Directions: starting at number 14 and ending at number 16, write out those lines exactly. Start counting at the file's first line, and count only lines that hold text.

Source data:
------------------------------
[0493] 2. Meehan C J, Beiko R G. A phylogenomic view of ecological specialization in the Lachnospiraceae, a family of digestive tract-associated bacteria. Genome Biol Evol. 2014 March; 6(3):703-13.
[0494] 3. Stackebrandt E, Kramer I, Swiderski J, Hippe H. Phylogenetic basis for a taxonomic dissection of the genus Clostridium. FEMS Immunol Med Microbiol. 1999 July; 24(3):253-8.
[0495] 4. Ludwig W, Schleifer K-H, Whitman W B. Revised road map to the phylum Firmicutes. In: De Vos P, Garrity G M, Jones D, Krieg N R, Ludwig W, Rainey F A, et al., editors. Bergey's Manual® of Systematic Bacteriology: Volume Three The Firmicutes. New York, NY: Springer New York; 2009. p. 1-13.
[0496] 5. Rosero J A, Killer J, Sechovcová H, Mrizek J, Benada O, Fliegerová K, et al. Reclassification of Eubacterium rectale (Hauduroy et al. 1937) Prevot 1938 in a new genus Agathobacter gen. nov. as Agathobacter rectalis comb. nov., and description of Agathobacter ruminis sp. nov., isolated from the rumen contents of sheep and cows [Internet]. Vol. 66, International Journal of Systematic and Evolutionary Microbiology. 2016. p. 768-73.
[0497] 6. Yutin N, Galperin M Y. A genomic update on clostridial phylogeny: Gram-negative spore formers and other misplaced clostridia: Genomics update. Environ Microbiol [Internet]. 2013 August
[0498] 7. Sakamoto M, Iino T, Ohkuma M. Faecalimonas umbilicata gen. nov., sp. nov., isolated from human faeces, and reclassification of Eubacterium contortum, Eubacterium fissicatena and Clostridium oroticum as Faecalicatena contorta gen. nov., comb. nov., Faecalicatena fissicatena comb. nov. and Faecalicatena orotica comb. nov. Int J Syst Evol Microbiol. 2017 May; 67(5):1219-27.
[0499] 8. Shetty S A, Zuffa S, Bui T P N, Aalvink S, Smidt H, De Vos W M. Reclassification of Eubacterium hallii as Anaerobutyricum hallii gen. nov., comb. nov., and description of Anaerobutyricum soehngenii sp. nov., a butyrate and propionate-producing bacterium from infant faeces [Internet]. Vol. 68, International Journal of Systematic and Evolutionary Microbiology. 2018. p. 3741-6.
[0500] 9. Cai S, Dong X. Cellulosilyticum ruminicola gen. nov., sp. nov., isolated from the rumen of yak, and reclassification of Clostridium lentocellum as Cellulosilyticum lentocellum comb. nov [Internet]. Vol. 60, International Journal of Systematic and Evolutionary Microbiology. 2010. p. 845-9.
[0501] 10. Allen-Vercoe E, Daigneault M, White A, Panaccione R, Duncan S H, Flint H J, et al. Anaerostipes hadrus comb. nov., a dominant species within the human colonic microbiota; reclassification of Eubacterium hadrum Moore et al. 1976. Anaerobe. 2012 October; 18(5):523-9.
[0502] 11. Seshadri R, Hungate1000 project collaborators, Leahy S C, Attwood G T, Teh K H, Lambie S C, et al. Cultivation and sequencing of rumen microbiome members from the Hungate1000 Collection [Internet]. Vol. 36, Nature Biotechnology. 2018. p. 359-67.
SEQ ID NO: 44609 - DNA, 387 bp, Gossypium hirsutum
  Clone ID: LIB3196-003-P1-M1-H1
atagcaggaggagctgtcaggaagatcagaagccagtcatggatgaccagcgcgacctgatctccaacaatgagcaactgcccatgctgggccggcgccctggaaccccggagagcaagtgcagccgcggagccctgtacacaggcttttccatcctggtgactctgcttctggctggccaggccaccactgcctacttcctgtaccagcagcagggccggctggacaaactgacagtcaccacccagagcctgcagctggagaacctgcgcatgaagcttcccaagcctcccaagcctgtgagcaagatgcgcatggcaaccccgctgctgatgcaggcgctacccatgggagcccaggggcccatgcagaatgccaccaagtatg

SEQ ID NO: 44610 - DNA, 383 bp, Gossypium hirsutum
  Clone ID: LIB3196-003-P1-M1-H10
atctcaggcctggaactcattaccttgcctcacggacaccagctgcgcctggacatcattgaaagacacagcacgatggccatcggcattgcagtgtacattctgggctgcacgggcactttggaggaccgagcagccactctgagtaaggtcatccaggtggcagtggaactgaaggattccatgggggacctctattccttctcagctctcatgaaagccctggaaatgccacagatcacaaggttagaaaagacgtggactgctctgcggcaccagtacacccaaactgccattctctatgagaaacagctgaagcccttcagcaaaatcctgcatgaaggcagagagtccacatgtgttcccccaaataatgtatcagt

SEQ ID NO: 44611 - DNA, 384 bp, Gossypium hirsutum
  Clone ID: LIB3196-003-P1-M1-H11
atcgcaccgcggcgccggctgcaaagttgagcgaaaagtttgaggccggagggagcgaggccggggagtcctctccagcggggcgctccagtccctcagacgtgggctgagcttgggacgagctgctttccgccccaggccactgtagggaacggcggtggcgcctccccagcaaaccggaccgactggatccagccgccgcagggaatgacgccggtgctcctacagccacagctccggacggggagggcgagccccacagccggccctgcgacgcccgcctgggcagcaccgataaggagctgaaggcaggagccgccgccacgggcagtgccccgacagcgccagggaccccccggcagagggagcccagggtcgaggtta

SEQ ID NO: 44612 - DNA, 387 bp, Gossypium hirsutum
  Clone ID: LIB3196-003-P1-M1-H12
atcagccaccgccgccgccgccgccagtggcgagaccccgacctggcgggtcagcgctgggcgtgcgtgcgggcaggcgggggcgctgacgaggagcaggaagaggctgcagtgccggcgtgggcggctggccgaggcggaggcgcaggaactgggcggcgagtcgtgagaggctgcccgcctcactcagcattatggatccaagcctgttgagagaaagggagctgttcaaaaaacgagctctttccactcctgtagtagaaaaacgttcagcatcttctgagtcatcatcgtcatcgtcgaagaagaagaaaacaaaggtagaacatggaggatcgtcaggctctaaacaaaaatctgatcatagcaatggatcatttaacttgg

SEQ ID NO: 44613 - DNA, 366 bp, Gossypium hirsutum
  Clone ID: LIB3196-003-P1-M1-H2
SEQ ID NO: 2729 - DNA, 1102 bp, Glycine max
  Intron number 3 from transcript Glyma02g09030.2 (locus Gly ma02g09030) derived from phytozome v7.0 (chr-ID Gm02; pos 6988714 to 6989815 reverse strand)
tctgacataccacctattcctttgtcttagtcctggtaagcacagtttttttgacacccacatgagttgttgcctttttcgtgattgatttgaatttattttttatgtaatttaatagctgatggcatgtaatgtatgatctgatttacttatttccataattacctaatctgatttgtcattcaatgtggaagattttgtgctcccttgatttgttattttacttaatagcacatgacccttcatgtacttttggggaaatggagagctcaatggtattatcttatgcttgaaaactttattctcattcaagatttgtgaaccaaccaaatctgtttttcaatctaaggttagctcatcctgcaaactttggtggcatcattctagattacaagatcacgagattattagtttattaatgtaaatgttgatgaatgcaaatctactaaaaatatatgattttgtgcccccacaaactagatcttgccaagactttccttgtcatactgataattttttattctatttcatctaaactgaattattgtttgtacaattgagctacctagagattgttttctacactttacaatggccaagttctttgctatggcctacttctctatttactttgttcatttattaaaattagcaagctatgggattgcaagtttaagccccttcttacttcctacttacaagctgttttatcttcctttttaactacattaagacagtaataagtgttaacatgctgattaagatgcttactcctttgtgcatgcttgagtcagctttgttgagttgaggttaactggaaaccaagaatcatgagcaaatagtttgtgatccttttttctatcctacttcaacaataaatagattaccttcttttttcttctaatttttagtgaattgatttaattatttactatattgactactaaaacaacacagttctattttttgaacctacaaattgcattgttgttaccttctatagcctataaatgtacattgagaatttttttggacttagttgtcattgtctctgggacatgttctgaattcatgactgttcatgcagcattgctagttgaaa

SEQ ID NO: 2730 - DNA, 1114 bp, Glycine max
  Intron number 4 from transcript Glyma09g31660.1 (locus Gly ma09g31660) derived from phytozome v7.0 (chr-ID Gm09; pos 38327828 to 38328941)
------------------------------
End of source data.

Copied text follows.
SEQ ID NO: 44610 - DNA, 383 bp, Gossypium hirsutum
  Clone ID: LIB3196-003-P1-M1-H10
atctcaggcctggaactcattaccttgcctcacggacaccagctgcgcctggacatcattgaaagacacagcacgatggccatcggcattgcagtgtacattctgggctgcacgggcactttggaggaccgagcagccactctgagtaaggtcatccaggtggcagtggaactgaaggattccatgggggacctctattccttctcagctctcatgaaagccctggaaatgccacagatcacaaggttagaaaagacgtggactgctctgcggcaccagtacacccaaactgccattctctatgagaaacagctgaagcccttcagcaaaatcctgcatgaaggcagagagtccacatgtgttcccccaaataatgtatcagt